My heart began to race. "What kind of reports?"

"You have been saying antirevolutionary and anti-Communist things to your classmates, haven't you?"

"No, I haven't." He was trying to paint me as a counterrevolutionary, just as they had done to Yu Xuang, a fifth-grader whom they had locked in the commune jail for further investigation. It was a dangerous situation.

"I have never done anything like that! You know that!" I said, using the best defense a nine-year-old could muster.

"I have the reports here"-he waved a thick sheaf of paper-"and I can ask these people to testify against you if necessary."

"The people who wrote those reports were lying. I have never said anything against our country or the Communist party."

"Shut up! You have no right to defend yourself, only the chance to confess and repent," he spat out angrily. His voice deepened. "Do you understand what kind of trouble you are in now?"

"I have nothing to confess!" I was losing control again. My throat dried up and my arms began to tremble.

"I said, shut up! You have today and tonight to write a confession of all the treasonous things you have said, to explain the motivation, and to state who told you to say these horrible things. Like perhaps your father, mother, or your landlord grandparents."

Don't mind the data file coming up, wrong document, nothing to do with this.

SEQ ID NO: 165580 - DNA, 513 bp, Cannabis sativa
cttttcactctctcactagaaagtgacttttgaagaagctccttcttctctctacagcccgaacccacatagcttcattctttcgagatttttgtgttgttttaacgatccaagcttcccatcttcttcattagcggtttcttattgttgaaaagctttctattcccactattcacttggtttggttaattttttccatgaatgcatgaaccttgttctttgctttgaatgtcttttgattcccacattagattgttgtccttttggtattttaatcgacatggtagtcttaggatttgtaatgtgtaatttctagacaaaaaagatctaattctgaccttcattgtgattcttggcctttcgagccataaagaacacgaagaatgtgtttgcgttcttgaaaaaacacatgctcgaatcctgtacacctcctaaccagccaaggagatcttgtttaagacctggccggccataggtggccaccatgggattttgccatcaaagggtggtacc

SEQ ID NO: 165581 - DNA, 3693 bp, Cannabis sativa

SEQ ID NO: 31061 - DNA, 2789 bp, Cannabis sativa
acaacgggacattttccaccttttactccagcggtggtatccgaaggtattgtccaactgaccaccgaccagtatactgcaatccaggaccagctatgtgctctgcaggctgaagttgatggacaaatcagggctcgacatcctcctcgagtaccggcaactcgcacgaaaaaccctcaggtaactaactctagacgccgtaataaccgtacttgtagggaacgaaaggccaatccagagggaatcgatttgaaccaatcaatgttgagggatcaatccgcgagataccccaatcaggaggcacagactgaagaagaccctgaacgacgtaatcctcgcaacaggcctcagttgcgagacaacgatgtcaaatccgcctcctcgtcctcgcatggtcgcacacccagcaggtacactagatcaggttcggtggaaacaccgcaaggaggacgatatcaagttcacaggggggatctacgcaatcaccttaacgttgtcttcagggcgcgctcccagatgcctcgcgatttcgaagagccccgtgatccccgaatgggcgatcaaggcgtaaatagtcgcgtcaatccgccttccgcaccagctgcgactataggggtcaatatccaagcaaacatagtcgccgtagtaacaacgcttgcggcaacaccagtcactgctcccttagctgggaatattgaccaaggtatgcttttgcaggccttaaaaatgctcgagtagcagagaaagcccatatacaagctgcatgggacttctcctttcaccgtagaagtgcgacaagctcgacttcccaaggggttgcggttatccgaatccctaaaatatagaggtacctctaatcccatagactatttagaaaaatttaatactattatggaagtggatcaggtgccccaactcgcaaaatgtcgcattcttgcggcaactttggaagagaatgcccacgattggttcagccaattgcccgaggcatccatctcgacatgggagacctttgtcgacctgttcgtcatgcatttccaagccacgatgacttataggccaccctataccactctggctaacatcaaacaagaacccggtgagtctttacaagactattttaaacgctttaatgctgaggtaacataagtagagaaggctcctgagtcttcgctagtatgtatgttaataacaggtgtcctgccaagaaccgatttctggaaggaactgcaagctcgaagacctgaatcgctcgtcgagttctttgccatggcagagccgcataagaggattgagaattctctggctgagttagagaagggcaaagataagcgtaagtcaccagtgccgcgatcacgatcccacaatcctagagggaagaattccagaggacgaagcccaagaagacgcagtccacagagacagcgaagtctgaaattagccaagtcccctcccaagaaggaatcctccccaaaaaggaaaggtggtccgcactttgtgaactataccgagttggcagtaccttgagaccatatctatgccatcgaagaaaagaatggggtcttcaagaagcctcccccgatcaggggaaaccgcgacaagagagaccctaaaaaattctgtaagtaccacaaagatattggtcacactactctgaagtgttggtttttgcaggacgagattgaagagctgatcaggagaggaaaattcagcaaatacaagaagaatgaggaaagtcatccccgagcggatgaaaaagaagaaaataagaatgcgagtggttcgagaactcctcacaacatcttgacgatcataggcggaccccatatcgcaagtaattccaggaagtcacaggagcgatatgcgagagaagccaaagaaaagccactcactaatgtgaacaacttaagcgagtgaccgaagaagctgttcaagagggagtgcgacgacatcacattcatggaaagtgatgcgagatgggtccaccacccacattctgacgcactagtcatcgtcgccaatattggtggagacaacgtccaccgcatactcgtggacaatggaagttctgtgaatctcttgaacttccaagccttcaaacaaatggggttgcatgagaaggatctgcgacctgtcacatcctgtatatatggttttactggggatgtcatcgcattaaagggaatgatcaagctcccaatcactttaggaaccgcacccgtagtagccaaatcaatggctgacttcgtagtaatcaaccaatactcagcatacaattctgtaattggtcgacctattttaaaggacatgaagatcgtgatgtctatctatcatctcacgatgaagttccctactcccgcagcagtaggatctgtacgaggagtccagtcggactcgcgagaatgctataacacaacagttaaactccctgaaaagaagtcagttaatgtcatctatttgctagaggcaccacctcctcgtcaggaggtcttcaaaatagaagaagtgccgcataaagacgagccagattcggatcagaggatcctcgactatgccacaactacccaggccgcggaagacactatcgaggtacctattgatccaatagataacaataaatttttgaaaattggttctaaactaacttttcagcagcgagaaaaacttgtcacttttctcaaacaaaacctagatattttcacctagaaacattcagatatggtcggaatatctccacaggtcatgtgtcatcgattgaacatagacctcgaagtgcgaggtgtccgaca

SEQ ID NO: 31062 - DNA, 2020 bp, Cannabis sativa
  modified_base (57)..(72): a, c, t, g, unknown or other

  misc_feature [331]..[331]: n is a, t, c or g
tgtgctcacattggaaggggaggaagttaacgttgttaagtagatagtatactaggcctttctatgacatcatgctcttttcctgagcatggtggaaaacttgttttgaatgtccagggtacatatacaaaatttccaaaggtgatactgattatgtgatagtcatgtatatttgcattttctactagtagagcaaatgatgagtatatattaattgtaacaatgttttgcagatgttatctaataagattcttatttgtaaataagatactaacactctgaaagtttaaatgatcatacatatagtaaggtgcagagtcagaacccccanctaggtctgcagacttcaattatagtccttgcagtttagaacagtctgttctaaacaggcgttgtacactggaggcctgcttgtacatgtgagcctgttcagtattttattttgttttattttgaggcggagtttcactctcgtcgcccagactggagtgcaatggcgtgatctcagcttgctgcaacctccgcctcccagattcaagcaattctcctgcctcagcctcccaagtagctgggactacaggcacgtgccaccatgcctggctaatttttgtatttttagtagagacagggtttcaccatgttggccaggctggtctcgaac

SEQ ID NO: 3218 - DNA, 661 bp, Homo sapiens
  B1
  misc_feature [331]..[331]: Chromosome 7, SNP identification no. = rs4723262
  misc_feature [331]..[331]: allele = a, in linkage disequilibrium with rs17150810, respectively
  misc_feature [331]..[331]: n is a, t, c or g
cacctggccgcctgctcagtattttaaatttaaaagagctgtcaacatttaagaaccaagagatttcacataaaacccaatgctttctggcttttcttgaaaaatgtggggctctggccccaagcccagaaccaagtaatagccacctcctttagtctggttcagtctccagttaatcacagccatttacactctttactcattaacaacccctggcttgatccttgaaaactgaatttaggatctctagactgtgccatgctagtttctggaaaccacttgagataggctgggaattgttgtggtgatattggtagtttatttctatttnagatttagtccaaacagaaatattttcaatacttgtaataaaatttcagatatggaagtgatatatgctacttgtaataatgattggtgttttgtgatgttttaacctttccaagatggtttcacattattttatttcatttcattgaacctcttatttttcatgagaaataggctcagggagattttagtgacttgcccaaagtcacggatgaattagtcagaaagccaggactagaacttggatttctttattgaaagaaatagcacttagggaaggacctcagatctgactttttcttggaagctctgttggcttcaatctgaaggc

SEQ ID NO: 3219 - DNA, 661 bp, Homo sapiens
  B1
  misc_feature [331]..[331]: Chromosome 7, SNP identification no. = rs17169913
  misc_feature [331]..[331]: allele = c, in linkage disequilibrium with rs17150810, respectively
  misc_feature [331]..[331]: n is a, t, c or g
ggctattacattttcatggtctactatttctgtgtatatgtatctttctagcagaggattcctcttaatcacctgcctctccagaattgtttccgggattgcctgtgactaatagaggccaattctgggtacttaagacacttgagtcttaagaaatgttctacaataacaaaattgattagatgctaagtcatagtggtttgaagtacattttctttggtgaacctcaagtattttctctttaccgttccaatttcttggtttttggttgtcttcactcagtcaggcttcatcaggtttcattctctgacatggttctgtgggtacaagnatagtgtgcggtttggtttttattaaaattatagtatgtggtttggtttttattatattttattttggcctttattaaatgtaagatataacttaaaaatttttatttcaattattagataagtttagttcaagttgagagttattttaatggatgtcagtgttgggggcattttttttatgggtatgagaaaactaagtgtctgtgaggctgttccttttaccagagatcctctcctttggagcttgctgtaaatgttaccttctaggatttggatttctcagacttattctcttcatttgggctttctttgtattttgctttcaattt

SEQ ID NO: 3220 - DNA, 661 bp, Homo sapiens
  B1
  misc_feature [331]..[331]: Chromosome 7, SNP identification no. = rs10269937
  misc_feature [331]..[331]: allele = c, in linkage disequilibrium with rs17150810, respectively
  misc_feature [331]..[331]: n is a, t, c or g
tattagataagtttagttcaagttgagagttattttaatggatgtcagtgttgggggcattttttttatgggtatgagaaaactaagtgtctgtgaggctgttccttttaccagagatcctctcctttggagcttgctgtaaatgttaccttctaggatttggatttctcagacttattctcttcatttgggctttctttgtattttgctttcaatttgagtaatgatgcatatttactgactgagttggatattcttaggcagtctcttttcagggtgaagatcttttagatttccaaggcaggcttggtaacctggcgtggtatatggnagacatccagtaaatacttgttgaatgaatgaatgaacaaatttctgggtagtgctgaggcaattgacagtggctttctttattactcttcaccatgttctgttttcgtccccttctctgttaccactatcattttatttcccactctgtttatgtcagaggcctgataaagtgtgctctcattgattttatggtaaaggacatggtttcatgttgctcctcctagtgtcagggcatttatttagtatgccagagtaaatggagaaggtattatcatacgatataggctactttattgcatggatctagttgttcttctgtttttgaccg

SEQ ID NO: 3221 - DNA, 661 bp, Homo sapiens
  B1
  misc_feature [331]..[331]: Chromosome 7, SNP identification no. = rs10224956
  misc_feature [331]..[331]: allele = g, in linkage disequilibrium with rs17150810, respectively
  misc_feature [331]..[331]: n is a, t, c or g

He was trying to involve my family. They would put my dad in prison. They would take Grandpa out into the street and beat him to death.

"They did not tell me to do or say bad things against the party! They didn't!" I cried. I couldn't afford to have my family dragged into this. I was scared and began to sob helplessly. The sky had just caved in and I felt that nobody could help me. I would be a young counterrevolutionary, a condemned boy, despised by the whole country. I would be left to rot in a dark prison cell for life. That was what had happened to Shi He, another high school kid, who was caught listening to an anti-Communist radio program from Taiwan, and worse, to the banned Teresa Deng's love songs. His prison sentence had been twenty years.

I don't remember how long I cried that morning. When I walked home alone in the afternoon's setting sun, I felt the weight of shackles already around my ankles.

A condemned man at the age of nine! Confession tomorrow! The thoughts played over and over in my mind.

When I got home, I told Mom what had happened and she started sobbing, hitting her face and chest and pulling out her hair. She mumbled hysterically, in broken sentences, that their generation had brought the curse to the next generation. After a while, she sat down quietly, weak and limp like a frightened animal. Finally, she got up and sent Si and Jin to Dad's camp to ask for advice. They got to talk to him by using the excuse that Mom was very sick again.

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Table of Contents